The advantages obtained by inclining the inner edge zones of the guide vanes are believed to be due to the fact that as soon as an outwardly traveling stall vortex loses contact with the tip of a rotor blade, the mass of air within the vortex isso to speak intercepted by an edge zone of a guide vane and guided, by the vane, into one of the compartments, into which the annular chamber is subdivided by the vanes. At the blade tip each stall vortex has, in addition to its proper swirl, atangential and a radial velocity component. The tangential velocity component can be regarded as constant at a constant rate of revolution of the rotor, while the radial velocity component resulting from the centrifugal force increases with decreasingradius from the rotor axis to the point of the blade surface where flow separation starts. It has however been found that the angle included between the composite velocity vector and the radius from the blade tip varies relatively little with varyingradius to the point of separation. When the inclination of the inlet zone of each vane is chosen within the defined range, it is possible to ensure that with reasonable approximation the direction of said inlet zone coincides with the velocity vector ofthe stall vortex, irrespective of the delivery rate of the fan.
Excellent results have been obtained with guide vanes in which the angle included between said inner edge zone and the associated radius was 55.degree..+-.5.degree..
The cross-sectional profile of the guide vane, i.e. a section therethrough perpendicular to the rotor axis, may be curvilinear with its concavity facing the direction of rotation of the rotor, with the guide vane meeting the outer of peripheralwall of the annular chamber at an angle of 90.degree..+-.10.degree.. In that embodiment the flow reversal of the stall vortex at the bottom of the annular chamber takes place with minimal losses, possibly because secondary vortices, which would becreated with a flat vane meeting the chamber bottom wall at an acute angle, are avoided.
According to a feature of the invention the upstream end portion of the radially inner edge of each guide vane may be radially retracted relative to the downstream end portion of that edge. The retracted end portion may expediently include from25% to 35% of the total axial length of the vane edge.
In a preferred embodiment of the invention, the inner edges of the guide vanes are interconnected by a ring having an inner diameter substantially equal to the diameters of the outlet and inlet sections of the casing and located axially betweenthose sections so as to define inlet and outlet passages, respectively, to and from the annular chamber; the axial dimensions of said inlet and outlet passages are substantially equal and each of them is between 25% and 35% of the axial length of theannular chamber; and the retracted upstream end portions of the inner guide vane edges extend outwardly from the upsteam end face of the interconnecting ring.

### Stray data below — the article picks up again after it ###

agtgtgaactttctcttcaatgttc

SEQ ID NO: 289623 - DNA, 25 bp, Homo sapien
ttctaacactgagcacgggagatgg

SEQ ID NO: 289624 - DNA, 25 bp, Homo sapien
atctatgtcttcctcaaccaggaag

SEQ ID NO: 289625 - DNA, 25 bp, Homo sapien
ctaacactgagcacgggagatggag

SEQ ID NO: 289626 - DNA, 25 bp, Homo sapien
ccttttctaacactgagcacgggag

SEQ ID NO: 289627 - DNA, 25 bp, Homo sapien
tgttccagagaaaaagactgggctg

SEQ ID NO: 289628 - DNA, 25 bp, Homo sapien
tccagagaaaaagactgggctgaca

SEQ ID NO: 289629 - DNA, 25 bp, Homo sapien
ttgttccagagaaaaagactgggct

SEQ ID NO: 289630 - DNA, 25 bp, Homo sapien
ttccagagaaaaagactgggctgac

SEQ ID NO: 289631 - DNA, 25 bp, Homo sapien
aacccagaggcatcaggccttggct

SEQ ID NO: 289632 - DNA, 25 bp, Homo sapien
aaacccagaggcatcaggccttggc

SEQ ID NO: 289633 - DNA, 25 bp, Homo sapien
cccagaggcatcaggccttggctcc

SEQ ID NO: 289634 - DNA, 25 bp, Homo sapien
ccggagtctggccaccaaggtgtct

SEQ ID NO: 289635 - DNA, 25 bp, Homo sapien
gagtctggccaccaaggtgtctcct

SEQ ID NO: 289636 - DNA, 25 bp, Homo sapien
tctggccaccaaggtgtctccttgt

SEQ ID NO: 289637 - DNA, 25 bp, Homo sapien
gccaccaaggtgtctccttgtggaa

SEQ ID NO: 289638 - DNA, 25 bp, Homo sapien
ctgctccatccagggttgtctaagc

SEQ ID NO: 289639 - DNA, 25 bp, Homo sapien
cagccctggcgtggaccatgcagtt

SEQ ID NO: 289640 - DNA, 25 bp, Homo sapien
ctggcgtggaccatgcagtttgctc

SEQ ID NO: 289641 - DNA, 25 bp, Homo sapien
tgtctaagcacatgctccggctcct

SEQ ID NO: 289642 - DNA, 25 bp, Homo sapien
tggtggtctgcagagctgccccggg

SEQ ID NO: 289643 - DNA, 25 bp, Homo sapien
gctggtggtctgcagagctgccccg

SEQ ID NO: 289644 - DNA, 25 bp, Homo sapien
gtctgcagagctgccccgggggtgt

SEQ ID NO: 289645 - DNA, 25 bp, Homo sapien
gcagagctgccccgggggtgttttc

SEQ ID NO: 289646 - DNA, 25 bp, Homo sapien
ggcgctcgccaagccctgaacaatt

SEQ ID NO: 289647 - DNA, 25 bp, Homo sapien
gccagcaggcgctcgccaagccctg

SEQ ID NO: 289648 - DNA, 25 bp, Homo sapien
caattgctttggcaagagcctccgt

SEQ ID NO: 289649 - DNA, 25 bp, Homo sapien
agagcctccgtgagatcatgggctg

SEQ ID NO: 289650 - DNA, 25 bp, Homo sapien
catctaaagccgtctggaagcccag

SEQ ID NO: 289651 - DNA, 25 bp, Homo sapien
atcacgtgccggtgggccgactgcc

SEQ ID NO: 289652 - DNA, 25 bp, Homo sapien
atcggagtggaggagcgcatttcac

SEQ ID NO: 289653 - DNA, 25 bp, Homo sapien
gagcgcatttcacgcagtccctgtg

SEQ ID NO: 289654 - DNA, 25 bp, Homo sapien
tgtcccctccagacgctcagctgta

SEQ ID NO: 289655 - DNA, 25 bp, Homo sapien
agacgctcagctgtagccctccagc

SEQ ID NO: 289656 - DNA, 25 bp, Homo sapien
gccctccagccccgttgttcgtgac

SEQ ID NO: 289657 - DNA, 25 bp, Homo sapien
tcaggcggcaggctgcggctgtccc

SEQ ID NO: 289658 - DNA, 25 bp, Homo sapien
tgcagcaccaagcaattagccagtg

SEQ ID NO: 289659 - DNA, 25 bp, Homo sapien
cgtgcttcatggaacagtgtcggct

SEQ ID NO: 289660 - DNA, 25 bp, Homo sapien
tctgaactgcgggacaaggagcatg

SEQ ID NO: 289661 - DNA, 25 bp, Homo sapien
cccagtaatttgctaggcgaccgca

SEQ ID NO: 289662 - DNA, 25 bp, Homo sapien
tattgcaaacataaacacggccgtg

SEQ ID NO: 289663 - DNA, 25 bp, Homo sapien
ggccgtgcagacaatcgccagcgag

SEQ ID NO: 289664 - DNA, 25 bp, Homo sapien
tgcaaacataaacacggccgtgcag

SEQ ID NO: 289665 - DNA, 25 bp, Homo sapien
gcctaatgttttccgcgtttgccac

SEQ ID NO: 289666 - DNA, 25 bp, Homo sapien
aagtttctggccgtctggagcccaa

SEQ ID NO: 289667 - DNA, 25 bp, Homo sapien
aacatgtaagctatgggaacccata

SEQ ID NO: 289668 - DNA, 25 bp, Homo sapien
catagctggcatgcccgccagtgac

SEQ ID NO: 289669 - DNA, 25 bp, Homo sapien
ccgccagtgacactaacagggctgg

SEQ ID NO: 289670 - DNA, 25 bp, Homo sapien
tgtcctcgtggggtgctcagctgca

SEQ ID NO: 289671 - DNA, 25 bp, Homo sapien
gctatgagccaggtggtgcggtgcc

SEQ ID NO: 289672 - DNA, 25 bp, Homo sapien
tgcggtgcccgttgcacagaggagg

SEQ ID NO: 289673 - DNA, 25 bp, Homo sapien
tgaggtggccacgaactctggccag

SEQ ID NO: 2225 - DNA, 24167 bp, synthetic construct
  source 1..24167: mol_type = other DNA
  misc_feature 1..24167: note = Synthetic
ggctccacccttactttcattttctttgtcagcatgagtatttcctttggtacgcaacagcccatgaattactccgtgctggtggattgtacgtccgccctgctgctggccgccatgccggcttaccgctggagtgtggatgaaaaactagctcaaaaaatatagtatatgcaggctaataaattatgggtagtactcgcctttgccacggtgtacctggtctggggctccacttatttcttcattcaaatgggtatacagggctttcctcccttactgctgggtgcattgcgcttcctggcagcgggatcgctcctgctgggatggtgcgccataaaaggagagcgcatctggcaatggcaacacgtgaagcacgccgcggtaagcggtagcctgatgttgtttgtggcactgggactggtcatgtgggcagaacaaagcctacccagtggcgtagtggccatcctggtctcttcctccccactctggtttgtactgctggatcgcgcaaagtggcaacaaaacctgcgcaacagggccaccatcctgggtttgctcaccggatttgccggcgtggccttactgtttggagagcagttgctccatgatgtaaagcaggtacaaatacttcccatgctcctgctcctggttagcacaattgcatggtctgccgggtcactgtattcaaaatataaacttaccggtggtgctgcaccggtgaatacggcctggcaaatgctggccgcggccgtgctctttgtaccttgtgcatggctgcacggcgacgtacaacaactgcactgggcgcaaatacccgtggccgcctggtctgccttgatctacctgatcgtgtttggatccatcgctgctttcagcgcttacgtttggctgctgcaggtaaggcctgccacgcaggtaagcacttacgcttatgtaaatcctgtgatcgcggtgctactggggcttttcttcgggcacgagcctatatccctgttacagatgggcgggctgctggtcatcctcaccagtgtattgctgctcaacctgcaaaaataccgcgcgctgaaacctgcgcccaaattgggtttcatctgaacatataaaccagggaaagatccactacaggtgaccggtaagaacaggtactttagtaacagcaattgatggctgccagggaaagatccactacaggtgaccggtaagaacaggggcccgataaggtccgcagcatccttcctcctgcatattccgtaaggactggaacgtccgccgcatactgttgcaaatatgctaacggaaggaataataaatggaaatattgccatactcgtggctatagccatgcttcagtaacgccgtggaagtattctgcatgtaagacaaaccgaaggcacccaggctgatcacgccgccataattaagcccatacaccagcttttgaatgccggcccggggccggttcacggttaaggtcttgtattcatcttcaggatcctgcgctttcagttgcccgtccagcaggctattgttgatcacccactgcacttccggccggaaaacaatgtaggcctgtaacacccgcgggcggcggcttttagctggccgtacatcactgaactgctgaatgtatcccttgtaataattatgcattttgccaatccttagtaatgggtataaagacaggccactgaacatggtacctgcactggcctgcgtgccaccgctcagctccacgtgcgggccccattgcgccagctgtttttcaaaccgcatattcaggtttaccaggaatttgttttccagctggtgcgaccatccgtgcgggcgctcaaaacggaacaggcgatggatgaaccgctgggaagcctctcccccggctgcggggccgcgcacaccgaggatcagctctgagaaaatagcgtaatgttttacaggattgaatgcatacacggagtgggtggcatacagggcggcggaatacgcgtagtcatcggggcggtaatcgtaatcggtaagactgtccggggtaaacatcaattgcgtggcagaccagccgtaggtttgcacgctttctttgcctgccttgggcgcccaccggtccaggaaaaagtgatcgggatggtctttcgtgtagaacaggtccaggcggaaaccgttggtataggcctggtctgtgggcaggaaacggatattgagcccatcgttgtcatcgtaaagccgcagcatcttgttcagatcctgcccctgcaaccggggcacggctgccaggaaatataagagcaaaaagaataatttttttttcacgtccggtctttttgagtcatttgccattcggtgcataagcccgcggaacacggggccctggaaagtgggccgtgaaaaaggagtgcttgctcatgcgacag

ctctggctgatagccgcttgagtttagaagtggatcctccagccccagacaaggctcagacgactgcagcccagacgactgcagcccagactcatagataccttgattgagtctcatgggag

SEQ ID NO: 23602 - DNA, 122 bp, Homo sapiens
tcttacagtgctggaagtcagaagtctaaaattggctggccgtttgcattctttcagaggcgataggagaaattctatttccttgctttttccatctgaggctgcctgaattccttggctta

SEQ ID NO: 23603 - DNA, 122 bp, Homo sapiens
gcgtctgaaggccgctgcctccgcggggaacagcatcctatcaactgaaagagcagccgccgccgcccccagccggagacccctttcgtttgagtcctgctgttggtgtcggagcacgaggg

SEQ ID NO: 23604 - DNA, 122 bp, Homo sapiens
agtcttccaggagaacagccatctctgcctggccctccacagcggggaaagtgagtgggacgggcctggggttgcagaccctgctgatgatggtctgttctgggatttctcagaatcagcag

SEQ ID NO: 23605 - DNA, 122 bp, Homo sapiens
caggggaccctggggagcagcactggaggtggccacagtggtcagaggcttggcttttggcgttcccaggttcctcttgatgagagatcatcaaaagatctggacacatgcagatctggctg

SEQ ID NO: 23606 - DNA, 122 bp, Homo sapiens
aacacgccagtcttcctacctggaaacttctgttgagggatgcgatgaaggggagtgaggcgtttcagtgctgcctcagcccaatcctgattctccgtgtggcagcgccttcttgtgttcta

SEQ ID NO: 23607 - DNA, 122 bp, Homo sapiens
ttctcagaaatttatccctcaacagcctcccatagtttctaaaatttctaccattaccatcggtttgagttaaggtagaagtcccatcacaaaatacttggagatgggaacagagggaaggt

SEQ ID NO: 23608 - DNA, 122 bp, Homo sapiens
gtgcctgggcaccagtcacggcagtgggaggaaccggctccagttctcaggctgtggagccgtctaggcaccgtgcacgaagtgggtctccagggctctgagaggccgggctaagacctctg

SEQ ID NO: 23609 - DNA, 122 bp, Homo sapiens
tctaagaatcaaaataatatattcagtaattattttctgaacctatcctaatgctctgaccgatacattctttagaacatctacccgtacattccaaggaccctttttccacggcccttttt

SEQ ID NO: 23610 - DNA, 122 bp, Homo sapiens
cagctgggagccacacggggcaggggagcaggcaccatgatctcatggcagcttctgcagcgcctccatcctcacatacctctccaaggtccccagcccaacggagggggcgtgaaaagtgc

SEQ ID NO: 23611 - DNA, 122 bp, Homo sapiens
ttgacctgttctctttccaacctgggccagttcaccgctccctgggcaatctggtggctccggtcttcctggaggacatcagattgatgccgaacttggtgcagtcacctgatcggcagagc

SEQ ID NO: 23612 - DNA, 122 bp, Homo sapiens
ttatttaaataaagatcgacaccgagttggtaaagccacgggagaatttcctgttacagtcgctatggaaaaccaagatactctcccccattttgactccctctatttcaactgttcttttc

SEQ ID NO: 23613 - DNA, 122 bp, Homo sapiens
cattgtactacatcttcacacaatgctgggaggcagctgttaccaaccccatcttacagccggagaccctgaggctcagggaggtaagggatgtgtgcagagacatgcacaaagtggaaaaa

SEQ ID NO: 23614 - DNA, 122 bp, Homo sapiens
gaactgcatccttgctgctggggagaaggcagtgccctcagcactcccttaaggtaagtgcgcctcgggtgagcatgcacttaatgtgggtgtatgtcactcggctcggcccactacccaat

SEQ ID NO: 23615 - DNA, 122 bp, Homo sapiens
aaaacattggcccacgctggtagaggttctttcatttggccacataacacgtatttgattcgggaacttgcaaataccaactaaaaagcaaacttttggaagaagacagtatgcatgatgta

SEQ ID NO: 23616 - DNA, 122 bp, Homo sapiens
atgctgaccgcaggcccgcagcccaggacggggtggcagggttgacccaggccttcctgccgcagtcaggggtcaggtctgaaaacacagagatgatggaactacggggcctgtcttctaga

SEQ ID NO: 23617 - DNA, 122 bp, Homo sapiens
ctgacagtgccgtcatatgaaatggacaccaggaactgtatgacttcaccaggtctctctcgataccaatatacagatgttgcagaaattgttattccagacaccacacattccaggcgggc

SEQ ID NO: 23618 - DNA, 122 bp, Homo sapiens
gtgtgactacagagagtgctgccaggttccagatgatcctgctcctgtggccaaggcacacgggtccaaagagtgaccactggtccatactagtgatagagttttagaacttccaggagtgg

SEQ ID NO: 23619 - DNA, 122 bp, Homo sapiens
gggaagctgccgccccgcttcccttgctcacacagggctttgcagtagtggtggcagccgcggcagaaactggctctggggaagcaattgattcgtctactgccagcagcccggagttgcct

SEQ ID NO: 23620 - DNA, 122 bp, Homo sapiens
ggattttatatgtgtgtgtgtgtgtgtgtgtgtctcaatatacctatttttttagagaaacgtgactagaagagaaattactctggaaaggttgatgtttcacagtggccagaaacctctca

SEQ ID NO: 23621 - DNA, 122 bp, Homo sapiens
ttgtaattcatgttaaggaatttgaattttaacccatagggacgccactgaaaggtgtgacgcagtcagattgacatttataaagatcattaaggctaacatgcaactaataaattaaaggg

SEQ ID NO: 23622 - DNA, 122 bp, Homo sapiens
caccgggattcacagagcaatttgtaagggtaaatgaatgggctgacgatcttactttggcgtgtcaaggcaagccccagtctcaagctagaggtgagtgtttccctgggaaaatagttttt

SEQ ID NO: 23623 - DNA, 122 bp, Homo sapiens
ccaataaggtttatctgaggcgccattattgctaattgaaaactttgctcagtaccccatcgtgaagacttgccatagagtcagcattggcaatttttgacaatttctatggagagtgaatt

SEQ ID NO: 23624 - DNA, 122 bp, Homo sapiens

It has been found that this embodiment combines a substantial reduction of the disturbing influence, which the annular chamber unavoidably exerts on the normal operation of the fan, with practically unchanged favourable influence on the operationof the fan within the stalling regime, including improved stability and less vibrations and noise. While the interconnecting ring, which has been previously proposed in combination with guide vanes located in the outlet passage only of the annularchamber, i.e. the upstream part of the chamber, but not in the inlet passage, improves the efficiency during normal operation (no reverse flow through the annular chamber) by reducing the flow resistance due to the presence of that chamber, the retractedor cut-off edges of the guide vanes defining the outlet passages from the individual compartments have been found to result in an unexpected further improvement of the optimum efficiency obtainable with a given fan.
Preferably the retracted end portions of the vane edges follow straight lines or concave curves.
The upstream end point of each retracted edge portion may be radially offset relative to the downstream end point thereof by an amount equal to between 20% and 100% of the radial depth of the annular chamber.